The enclosed little lichens, came from near summit of most barren isld of San Lorenzo off Lima: what on earth made me think them worth collecting I know not—please throw them away.

I have by this mornings post just heard from Murray, that he agrees to publish my Journal in the Colonial Library.10 Did you make any comments criticisms or corrections on the margin of your copy of my Journal: if so, will you kindly lend me your copy & never mind if any of your criticisms are severe or short & few. I shall have to shorten my Journal a little.

I am determined not to give you much trouble or ask many questions now you are busy, but I must beg sometime for a single sentence about the Galapagos plants. viz what per-centage are (as far as is known) peculiar to the Archipelago? you have already told me that the plants have a S. American physionomy. And how far the collections bear out or contradict the notion of the different islands, having in some instances representative & different species.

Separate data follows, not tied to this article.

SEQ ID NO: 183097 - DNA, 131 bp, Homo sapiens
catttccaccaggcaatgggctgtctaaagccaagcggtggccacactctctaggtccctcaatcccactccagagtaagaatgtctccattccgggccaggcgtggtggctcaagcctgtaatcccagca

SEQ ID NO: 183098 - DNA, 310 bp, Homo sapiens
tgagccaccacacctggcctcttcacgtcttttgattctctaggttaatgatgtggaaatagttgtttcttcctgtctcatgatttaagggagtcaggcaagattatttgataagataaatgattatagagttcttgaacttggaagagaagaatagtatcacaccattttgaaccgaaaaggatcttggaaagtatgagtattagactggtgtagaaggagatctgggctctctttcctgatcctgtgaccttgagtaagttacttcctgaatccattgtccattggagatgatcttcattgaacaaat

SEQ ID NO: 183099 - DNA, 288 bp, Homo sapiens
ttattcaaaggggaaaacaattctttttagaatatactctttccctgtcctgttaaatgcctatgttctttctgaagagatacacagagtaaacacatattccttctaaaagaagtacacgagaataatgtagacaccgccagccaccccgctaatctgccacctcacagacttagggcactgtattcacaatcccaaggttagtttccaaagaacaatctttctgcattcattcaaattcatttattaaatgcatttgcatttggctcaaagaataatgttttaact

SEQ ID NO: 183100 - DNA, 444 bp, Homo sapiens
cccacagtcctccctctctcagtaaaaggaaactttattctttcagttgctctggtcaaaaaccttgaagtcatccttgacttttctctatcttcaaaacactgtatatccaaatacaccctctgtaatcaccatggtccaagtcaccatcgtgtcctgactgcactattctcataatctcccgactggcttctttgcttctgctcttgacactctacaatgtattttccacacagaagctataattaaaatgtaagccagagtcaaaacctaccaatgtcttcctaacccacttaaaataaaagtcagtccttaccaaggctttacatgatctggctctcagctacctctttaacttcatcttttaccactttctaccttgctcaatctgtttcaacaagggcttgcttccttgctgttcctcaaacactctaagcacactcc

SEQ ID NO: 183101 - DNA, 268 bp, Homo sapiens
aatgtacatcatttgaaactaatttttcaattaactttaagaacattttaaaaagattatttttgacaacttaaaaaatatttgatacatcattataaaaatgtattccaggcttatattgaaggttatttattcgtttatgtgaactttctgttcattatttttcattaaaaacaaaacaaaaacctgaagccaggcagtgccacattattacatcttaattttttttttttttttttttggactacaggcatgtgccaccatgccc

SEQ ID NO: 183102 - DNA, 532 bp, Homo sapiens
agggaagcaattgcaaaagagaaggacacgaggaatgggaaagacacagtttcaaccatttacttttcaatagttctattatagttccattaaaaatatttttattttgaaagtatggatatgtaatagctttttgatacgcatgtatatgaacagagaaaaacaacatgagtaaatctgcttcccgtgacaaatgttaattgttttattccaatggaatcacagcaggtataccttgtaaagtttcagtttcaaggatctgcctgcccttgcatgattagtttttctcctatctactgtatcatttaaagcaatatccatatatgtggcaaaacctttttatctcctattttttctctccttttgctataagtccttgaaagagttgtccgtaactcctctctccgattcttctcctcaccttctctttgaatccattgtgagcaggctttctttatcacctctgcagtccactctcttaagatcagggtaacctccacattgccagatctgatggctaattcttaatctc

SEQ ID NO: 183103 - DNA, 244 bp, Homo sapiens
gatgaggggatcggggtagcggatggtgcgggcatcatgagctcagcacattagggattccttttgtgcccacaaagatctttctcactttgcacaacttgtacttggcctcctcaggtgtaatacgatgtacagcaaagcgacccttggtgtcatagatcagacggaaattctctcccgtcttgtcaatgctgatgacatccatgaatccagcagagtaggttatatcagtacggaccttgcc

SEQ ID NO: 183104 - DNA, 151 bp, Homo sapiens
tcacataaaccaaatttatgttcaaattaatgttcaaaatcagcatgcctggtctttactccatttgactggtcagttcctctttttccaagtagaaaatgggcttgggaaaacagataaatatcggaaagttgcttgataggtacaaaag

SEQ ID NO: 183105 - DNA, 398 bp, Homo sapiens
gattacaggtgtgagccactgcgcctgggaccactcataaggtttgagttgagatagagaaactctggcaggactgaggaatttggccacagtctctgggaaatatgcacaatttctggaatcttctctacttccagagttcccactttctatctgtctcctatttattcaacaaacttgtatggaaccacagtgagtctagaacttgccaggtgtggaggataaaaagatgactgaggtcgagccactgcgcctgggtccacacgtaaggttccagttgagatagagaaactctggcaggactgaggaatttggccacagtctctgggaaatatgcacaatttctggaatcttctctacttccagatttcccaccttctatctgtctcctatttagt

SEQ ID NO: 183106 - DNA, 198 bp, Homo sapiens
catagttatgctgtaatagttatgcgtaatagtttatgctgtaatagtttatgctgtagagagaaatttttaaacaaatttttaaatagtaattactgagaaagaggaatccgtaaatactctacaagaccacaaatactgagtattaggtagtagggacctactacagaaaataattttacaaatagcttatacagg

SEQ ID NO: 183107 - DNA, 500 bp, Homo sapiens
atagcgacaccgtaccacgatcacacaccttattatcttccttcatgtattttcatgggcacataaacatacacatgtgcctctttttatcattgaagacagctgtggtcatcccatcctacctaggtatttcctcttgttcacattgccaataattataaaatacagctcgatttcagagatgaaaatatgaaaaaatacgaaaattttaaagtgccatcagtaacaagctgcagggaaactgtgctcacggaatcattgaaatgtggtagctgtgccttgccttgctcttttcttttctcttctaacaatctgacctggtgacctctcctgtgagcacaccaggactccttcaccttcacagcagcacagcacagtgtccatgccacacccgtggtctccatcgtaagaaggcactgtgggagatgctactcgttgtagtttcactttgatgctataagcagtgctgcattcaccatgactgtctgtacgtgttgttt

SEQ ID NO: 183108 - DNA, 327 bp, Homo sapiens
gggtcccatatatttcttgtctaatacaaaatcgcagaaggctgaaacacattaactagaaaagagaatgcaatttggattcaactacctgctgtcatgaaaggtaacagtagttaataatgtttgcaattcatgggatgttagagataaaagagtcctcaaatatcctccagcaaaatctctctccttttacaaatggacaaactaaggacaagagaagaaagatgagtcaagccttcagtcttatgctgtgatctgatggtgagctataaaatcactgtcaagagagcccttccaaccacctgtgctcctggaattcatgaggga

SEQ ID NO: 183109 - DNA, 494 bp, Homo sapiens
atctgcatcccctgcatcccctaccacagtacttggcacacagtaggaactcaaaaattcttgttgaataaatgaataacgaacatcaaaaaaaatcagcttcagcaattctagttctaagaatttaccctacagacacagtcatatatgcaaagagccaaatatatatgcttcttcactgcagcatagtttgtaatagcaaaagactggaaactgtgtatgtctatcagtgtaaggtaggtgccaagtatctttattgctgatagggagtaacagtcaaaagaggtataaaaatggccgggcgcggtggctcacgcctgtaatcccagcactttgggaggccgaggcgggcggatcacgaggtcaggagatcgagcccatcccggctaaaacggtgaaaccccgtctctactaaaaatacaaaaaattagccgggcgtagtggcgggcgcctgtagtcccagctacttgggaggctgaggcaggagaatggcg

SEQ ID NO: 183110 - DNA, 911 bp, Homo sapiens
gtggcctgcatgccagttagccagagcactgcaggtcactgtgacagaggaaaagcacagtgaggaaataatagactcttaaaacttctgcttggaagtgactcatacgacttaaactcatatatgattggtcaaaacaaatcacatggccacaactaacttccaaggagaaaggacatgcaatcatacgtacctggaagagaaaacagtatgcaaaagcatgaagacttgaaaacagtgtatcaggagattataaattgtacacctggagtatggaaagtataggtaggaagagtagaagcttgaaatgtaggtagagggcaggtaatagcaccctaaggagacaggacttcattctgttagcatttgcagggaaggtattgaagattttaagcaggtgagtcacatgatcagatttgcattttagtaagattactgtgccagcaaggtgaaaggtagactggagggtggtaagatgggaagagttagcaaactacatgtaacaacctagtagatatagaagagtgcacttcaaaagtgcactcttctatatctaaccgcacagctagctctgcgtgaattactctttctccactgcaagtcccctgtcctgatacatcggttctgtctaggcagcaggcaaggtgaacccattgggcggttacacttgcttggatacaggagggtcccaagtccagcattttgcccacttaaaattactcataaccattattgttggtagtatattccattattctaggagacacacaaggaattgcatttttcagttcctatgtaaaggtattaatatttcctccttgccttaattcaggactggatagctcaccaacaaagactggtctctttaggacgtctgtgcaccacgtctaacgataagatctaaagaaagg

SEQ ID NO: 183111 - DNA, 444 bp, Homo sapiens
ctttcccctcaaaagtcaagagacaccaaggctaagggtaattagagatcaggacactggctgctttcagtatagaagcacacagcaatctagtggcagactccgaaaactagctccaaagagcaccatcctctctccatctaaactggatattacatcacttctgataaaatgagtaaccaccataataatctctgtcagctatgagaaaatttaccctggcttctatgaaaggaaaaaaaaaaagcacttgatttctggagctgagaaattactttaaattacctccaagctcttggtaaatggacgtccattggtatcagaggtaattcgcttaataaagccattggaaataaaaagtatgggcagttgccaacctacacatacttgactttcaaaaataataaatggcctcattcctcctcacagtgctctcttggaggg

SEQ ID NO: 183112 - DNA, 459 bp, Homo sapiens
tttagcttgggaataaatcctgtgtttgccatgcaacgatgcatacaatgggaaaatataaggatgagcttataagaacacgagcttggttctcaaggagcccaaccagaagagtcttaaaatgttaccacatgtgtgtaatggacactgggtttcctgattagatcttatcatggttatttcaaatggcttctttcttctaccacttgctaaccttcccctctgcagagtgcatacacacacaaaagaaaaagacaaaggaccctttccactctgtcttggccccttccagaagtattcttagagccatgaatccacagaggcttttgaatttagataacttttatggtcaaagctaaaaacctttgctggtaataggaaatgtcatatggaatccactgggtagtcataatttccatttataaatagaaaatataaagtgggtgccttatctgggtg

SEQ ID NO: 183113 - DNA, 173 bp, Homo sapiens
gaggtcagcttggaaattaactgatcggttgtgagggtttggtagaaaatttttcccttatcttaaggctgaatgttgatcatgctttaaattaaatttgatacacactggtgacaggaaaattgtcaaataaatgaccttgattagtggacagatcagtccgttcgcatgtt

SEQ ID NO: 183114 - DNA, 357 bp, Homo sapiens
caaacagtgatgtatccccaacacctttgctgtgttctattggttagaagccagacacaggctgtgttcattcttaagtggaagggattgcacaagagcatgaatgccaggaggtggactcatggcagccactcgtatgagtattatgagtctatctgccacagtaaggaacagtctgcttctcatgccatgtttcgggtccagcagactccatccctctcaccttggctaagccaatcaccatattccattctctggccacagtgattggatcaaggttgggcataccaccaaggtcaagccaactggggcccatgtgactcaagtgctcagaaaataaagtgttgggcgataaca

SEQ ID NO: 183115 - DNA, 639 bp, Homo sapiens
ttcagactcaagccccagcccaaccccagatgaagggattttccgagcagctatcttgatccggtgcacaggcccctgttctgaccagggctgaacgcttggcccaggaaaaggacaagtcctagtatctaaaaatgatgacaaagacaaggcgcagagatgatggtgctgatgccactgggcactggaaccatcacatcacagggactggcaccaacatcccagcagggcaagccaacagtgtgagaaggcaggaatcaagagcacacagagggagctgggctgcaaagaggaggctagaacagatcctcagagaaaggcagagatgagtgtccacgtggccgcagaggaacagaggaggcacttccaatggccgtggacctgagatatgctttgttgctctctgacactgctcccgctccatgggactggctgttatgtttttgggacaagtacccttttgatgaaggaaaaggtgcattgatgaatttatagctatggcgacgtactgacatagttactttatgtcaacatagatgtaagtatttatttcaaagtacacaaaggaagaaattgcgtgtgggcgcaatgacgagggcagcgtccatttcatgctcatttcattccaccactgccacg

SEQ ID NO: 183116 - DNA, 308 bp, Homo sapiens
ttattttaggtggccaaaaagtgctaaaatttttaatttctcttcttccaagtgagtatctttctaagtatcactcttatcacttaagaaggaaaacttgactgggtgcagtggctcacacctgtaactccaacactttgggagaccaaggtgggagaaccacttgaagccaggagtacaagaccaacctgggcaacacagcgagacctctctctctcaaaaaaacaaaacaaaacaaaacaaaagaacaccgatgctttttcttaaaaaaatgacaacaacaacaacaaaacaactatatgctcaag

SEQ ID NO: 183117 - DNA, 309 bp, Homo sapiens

Will you tell me, may I not leave out, without any loss, the little & imperfect account (p. 14–16) in my Journal of the oceanic confervæ? But I am breaking my vow of not giving you trouble, now that you must be so very busy.—


Dated from CD’s reference to having received a letter from John Murray and his reply to Murray, 17 [April 1845].
Jussieu 1842.
Hayes 1844, in which several of CD’s observations on icebergs in South America are cited.
Couthouy 1844. CD’s annotated copy is in the Darwin Pamphlet Collection–CUL. Joseph Pitty Couthouy endorsed CD’s coral reef theory.